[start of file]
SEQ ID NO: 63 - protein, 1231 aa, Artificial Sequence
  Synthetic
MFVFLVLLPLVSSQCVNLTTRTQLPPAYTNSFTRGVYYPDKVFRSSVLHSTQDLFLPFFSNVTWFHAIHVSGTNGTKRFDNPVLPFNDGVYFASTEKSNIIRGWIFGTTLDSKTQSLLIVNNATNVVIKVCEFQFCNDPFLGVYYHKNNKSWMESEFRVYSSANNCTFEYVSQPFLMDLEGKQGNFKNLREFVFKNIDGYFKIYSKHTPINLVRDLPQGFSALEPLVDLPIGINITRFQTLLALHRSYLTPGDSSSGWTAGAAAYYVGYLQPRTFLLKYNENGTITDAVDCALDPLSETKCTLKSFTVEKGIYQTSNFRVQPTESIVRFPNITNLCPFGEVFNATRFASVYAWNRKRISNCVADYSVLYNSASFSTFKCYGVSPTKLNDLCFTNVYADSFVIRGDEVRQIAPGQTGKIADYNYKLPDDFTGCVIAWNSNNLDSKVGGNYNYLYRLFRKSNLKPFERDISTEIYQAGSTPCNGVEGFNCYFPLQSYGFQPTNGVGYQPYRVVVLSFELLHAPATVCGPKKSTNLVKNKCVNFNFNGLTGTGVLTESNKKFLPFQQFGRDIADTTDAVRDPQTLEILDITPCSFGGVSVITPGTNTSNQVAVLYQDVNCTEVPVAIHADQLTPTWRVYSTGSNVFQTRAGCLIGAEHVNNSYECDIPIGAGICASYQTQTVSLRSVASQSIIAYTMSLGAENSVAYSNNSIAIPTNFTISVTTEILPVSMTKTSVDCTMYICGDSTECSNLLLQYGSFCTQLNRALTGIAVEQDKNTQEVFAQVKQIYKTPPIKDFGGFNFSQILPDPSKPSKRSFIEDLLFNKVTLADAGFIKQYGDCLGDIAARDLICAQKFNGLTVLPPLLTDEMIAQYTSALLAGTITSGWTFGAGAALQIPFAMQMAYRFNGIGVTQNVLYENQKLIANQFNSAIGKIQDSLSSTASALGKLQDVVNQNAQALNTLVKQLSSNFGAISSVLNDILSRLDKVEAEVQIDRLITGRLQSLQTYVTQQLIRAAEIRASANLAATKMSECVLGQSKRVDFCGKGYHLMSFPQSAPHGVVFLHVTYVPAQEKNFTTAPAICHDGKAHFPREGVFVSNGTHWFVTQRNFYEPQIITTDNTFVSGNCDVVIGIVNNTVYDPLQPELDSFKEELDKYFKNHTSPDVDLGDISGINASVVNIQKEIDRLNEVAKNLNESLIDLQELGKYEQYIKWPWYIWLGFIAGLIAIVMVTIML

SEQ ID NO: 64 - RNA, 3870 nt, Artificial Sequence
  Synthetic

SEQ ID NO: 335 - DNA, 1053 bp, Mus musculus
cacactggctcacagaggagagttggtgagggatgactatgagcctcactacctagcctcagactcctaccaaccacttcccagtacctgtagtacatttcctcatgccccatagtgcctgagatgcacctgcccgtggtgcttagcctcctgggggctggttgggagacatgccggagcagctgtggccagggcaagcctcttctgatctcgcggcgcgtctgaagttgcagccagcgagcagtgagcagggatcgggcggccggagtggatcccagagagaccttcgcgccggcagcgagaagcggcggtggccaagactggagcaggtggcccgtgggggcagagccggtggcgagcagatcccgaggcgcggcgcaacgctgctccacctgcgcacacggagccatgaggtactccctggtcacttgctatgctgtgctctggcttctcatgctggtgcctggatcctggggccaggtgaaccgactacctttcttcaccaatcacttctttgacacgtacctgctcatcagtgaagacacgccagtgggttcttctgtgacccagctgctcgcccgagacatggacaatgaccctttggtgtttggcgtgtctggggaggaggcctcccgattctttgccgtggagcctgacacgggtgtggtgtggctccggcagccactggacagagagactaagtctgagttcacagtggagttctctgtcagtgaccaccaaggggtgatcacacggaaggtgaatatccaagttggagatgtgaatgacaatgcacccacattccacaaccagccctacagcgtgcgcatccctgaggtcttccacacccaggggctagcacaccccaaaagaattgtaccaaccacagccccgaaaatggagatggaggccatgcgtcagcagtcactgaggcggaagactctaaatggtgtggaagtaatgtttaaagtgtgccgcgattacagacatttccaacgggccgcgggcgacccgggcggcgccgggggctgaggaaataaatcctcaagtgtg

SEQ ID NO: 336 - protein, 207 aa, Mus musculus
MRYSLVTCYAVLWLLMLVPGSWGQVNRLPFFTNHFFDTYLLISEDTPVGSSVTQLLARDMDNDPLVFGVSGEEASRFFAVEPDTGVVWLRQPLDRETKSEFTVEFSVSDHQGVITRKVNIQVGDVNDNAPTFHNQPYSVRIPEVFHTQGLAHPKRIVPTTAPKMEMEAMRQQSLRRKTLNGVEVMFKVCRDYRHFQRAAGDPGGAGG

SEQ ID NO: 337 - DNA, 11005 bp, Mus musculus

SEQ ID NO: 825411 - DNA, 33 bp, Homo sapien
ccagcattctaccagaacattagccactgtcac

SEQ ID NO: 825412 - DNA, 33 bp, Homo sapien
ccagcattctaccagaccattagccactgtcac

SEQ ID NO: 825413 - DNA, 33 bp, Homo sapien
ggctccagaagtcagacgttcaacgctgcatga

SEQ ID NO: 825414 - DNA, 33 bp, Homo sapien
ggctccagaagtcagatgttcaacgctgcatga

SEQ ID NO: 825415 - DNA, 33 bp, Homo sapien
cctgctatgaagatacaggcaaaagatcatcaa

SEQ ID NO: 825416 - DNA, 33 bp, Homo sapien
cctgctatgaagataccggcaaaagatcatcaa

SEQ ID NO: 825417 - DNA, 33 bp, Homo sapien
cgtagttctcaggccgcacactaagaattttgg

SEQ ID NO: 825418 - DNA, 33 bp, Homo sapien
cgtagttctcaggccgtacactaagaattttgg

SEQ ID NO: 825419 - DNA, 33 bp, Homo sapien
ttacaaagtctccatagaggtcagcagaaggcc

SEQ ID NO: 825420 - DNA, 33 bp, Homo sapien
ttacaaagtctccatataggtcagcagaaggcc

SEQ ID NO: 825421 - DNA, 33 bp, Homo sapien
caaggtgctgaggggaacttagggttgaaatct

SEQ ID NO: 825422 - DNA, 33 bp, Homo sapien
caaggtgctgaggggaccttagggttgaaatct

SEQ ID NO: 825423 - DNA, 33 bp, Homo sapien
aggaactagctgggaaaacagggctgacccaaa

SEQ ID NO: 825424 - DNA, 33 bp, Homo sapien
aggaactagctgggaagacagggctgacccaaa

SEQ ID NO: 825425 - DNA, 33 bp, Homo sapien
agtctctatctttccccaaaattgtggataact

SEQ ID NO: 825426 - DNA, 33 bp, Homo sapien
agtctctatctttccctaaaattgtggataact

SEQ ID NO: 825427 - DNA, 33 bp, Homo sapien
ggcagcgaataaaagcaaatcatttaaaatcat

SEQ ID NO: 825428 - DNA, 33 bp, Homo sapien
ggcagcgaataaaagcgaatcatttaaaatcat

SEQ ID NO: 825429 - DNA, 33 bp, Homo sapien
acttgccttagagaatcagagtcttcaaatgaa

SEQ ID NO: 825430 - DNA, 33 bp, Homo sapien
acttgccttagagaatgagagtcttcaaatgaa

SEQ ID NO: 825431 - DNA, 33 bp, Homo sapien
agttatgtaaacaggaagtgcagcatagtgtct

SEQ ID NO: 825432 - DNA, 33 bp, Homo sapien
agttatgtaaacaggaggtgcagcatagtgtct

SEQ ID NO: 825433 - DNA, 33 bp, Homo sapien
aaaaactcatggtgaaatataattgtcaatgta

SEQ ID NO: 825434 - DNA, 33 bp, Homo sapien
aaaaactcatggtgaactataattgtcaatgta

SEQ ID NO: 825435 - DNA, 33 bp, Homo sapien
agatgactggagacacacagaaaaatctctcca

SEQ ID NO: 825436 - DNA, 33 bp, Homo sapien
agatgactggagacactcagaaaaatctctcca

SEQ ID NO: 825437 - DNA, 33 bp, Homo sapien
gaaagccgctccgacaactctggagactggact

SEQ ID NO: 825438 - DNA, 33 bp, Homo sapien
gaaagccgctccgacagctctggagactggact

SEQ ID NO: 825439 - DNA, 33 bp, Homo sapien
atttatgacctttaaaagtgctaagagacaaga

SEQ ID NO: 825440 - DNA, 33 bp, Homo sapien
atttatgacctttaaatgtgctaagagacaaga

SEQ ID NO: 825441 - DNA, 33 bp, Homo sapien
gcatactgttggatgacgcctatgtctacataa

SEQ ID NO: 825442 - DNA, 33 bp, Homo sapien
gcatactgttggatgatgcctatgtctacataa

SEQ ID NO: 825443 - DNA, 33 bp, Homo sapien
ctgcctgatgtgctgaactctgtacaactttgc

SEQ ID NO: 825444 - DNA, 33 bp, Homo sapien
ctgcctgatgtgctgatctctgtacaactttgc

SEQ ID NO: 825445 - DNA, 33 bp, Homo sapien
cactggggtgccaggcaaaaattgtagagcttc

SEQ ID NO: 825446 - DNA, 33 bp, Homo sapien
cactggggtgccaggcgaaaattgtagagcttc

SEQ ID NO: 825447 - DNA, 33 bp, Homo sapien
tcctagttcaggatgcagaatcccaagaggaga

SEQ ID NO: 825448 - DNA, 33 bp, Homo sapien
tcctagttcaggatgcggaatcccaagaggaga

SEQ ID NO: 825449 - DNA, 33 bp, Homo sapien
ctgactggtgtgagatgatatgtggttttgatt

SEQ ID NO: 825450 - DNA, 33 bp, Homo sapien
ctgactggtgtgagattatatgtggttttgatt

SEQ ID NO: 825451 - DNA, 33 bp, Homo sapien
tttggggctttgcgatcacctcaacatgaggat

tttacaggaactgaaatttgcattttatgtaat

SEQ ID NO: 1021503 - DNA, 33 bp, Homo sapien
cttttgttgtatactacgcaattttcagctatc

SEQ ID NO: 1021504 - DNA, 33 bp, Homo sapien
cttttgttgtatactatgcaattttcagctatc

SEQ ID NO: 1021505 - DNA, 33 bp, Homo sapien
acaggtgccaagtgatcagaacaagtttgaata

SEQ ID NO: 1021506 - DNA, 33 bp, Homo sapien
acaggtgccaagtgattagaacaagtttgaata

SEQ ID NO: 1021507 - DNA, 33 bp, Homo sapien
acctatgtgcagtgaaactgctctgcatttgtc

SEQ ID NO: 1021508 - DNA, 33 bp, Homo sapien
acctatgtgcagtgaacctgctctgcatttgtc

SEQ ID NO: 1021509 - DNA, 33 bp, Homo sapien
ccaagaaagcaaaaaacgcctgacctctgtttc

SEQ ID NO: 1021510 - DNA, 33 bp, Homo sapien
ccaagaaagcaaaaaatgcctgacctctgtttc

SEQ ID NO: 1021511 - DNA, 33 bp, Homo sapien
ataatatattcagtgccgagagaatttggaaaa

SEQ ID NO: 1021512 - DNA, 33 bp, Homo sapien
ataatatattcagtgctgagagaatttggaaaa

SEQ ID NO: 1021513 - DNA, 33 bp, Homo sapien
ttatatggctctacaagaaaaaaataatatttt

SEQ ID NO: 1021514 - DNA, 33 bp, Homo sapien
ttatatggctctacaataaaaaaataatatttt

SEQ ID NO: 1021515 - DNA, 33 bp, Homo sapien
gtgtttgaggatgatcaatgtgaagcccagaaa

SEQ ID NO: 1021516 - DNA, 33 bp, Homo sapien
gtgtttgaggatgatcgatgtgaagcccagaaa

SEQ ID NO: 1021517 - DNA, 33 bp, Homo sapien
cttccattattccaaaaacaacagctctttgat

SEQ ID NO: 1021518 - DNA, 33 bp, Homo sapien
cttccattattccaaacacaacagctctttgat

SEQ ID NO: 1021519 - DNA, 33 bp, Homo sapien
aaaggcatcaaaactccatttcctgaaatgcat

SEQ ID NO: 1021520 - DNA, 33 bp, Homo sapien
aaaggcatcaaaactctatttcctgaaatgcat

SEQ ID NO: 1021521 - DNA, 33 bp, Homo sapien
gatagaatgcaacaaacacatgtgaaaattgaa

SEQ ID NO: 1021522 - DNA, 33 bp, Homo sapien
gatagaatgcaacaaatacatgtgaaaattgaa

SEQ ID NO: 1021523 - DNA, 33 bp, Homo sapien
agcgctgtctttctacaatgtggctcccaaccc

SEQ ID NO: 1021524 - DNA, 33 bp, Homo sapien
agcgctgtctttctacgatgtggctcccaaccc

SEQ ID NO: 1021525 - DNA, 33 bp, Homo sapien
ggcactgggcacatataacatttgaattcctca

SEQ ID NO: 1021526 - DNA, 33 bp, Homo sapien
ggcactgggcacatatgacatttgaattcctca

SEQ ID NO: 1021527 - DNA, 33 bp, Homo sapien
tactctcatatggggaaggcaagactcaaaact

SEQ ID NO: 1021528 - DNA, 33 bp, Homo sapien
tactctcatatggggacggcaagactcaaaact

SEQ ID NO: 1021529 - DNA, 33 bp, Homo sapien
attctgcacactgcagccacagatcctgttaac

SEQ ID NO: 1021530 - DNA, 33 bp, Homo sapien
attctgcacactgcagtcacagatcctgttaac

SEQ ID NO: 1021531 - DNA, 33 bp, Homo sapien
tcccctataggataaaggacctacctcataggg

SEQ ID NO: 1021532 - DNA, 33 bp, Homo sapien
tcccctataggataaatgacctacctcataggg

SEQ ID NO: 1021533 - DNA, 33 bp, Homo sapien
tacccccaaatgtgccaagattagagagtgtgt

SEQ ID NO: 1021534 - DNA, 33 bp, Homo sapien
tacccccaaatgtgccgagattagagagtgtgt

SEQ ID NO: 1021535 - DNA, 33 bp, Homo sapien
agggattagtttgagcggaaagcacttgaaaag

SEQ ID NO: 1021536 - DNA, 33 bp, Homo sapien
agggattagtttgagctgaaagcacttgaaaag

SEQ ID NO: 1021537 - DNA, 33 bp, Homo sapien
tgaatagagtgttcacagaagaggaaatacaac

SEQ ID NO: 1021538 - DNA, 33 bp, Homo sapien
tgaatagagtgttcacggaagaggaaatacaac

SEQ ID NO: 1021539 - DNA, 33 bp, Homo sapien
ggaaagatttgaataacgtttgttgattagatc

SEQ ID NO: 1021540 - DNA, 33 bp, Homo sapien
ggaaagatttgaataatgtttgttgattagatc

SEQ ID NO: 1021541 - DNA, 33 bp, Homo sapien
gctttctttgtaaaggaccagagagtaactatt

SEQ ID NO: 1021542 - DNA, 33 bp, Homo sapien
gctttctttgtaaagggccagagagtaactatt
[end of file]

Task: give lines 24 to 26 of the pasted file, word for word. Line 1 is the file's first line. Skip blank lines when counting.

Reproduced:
cgtagttctcaggccgcacactaagaattttgg

SEQ ID NO: 825418 - DNA, 33 bp, Homo sapien
cgtagttctcaggccgtacactaagaattttgg